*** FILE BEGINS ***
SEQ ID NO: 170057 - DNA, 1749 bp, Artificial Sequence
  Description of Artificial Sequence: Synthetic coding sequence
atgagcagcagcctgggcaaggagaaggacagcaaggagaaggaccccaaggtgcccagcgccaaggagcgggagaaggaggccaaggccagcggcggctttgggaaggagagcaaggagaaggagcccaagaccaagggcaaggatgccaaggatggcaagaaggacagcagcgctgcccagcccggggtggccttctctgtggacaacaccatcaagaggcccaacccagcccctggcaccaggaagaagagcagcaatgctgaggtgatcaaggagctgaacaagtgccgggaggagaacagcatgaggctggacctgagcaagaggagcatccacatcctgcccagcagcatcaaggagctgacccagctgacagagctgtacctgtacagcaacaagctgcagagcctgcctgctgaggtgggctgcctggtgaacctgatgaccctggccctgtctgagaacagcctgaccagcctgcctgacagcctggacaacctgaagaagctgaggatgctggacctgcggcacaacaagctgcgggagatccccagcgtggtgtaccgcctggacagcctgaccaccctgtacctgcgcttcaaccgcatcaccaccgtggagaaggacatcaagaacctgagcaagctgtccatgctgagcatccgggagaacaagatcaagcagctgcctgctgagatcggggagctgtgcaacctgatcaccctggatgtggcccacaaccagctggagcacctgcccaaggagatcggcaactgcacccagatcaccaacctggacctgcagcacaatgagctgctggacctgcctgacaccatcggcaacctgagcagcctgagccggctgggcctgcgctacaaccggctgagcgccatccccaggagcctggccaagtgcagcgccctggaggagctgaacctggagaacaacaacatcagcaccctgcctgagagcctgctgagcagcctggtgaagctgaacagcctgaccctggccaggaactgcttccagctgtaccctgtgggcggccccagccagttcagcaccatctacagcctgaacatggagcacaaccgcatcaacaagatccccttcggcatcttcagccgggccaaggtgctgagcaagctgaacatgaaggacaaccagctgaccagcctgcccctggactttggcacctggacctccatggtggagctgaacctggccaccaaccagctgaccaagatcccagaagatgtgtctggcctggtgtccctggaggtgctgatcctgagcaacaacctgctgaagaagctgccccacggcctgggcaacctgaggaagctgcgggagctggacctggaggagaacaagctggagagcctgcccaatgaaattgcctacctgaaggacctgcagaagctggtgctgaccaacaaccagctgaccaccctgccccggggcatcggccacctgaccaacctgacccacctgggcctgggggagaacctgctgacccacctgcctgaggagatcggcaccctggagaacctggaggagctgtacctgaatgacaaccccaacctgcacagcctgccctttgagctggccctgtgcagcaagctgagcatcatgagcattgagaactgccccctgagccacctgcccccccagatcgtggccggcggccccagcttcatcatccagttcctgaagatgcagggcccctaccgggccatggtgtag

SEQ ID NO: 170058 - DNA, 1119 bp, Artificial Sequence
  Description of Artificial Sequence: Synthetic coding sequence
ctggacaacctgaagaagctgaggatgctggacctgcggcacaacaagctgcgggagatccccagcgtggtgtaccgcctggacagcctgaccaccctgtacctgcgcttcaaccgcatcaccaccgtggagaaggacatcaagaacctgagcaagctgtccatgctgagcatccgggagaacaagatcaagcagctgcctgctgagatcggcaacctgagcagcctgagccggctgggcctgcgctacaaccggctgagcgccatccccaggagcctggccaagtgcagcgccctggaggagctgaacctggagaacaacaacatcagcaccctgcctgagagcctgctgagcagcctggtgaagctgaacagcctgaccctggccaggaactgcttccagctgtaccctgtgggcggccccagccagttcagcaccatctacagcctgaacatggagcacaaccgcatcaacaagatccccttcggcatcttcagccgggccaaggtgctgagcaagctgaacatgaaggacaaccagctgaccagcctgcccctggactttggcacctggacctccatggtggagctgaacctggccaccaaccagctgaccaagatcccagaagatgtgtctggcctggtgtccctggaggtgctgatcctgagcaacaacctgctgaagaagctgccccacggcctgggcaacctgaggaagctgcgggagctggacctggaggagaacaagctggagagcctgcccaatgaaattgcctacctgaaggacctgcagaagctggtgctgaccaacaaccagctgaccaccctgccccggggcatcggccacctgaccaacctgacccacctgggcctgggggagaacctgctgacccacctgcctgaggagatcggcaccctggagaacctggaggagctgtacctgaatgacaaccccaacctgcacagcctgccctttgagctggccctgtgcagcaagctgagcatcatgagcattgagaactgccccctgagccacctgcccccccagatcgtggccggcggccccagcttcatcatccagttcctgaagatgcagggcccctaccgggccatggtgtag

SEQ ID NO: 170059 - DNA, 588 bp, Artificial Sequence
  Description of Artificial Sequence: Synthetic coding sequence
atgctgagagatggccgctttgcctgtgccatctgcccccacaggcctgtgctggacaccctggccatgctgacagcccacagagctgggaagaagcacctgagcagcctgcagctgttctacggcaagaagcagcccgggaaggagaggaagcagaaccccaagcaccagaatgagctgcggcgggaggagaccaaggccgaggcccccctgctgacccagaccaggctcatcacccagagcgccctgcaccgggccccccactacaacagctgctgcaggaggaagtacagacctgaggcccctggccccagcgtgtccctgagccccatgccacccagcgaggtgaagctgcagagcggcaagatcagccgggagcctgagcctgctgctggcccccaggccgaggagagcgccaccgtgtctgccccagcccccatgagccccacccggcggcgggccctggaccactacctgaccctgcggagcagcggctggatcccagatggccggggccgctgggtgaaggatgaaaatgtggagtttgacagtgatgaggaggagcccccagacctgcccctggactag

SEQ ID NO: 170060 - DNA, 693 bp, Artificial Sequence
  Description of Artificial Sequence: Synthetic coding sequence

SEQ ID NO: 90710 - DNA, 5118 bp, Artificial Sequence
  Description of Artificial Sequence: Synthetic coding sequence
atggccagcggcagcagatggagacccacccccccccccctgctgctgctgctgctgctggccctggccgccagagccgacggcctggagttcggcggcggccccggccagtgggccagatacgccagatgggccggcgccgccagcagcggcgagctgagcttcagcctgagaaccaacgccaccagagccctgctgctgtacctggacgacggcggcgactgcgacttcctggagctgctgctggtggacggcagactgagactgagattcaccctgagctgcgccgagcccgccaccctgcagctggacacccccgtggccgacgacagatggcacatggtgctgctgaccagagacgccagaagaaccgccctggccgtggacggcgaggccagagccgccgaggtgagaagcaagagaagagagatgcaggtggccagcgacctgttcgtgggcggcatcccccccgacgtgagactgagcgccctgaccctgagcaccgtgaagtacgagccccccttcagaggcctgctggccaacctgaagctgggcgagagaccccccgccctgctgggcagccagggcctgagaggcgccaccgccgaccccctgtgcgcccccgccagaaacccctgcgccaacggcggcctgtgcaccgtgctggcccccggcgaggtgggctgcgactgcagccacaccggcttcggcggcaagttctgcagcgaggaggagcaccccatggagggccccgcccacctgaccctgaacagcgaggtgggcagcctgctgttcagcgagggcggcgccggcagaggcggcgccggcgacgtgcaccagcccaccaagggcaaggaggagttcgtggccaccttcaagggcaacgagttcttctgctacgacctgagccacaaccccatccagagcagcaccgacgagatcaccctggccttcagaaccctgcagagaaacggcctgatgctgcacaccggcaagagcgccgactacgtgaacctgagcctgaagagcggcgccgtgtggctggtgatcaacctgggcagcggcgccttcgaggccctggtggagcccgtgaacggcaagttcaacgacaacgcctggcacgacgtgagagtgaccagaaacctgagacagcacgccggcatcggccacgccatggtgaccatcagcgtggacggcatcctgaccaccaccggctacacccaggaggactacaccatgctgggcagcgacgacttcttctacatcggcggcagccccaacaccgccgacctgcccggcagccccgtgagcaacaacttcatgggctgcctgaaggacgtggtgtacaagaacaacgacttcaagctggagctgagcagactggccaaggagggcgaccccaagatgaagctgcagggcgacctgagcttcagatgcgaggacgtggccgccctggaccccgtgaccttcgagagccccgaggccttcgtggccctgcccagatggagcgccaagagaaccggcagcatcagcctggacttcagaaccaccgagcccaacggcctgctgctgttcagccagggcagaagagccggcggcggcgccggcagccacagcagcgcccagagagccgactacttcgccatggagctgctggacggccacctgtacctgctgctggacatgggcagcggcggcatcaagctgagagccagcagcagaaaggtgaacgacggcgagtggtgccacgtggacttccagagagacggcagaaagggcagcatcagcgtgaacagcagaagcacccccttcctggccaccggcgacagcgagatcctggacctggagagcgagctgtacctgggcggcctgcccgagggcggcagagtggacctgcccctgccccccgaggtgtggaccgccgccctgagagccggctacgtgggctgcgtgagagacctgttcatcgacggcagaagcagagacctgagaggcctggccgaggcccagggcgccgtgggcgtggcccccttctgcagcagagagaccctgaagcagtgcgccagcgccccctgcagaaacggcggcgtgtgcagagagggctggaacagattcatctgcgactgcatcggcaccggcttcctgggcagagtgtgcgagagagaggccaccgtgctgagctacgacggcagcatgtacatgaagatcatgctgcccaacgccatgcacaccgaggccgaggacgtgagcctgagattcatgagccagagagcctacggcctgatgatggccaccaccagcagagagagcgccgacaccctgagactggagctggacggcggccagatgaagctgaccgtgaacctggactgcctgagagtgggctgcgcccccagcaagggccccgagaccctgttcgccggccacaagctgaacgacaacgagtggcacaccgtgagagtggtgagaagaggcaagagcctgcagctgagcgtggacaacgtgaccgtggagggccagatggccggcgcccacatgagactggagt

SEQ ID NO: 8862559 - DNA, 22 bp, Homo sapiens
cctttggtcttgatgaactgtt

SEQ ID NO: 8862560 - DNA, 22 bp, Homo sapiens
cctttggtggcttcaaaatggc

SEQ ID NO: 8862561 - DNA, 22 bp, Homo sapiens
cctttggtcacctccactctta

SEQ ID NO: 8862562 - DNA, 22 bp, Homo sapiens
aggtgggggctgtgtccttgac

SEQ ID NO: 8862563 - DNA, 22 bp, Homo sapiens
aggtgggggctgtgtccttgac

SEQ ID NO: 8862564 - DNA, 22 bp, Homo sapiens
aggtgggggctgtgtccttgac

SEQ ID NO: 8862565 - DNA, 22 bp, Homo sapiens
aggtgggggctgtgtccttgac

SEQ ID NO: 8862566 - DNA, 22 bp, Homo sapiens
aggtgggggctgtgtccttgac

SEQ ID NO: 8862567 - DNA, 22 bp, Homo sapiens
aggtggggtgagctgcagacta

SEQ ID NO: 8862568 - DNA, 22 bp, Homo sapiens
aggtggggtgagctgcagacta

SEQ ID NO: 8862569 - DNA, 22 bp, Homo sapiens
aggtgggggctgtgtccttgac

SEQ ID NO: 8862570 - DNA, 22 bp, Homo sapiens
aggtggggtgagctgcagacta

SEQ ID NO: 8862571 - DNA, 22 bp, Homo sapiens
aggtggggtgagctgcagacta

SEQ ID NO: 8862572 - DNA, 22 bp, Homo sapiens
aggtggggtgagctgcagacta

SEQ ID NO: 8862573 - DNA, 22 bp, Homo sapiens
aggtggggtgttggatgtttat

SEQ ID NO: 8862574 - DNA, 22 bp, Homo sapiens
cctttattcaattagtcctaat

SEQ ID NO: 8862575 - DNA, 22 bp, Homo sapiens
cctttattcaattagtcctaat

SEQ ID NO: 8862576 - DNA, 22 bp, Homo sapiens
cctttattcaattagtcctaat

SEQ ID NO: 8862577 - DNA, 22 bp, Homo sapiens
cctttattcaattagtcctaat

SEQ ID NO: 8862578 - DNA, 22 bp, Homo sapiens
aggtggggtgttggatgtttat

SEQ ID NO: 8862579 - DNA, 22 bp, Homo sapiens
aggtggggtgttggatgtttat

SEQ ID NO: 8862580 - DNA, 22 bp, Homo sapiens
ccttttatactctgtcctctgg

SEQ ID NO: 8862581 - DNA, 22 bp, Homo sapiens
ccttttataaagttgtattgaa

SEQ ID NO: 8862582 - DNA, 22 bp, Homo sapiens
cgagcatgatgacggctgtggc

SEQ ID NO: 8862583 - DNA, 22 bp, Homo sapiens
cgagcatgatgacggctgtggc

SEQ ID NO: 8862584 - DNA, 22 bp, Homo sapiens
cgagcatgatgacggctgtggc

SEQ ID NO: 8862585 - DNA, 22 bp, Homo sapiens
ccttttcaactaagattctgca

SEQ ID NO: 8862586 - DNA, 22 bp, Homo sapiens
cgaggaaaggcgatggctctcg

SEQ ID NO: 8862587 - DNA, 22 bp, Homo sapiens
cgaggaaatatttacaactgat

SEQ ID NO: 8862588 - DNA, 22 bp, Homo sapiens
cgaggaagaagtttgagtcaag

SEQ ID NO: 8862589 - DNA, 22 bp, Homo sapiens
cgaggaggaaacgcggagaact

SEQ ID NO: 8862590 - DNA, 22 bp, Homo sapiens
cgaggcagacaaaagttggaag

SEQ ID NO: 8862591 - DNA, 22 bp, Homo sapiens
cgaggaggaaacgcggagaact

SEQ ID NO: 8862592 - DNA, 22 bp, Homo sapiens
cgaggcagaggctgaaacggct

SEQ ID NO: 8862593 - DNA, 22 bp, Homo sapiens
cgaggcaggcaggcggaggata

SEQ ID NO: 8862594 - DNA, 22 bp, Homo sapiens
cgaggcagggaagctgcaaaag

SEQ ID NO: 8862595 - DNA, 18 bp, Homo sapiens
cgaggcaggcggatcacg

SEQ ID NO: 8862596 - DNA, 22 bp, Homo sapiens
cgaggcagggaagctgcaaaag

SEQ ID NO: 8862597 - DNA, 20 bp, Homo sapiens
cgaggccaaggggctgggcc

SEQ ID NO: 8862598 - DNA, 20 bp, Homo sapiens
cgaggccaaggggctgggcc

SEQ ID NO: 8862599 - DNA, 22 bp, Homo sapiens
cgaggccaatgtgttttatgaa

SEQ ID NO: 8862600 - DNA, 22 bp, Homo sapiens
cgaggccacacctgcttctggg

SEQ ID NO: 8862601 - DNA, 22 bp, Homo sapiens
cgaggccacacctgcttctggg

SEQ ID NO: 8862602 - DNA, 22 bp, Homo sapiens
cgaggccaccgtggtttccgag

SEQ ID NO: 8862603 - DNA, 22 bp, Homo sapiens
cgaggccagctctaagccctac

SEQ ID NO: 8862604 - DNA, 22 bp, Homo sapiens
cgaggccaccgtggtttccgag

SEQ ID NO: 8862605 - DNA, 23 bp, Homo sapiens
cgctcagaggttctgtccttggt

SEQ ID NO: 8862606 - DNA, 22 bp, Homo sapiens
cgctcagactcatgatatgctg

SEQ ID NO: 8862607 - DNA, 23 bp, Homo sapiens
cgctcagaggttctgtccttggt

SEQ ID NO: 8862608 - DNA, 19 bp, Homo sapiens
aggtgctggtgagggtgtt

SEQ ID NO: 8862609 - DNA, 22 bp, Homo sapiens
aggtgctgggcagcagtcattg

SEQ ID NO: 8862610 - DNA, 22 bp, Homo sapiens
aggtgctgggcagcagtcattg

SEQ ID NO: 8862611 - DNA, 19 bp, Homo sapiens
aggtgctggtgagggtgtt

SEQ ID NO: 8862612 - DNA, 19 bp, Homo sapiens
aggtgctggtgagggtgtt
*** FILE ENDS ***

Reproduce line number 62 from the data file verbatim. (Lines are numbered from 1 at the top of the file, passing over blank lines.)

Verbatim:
cgagcatgatgacggctgtggc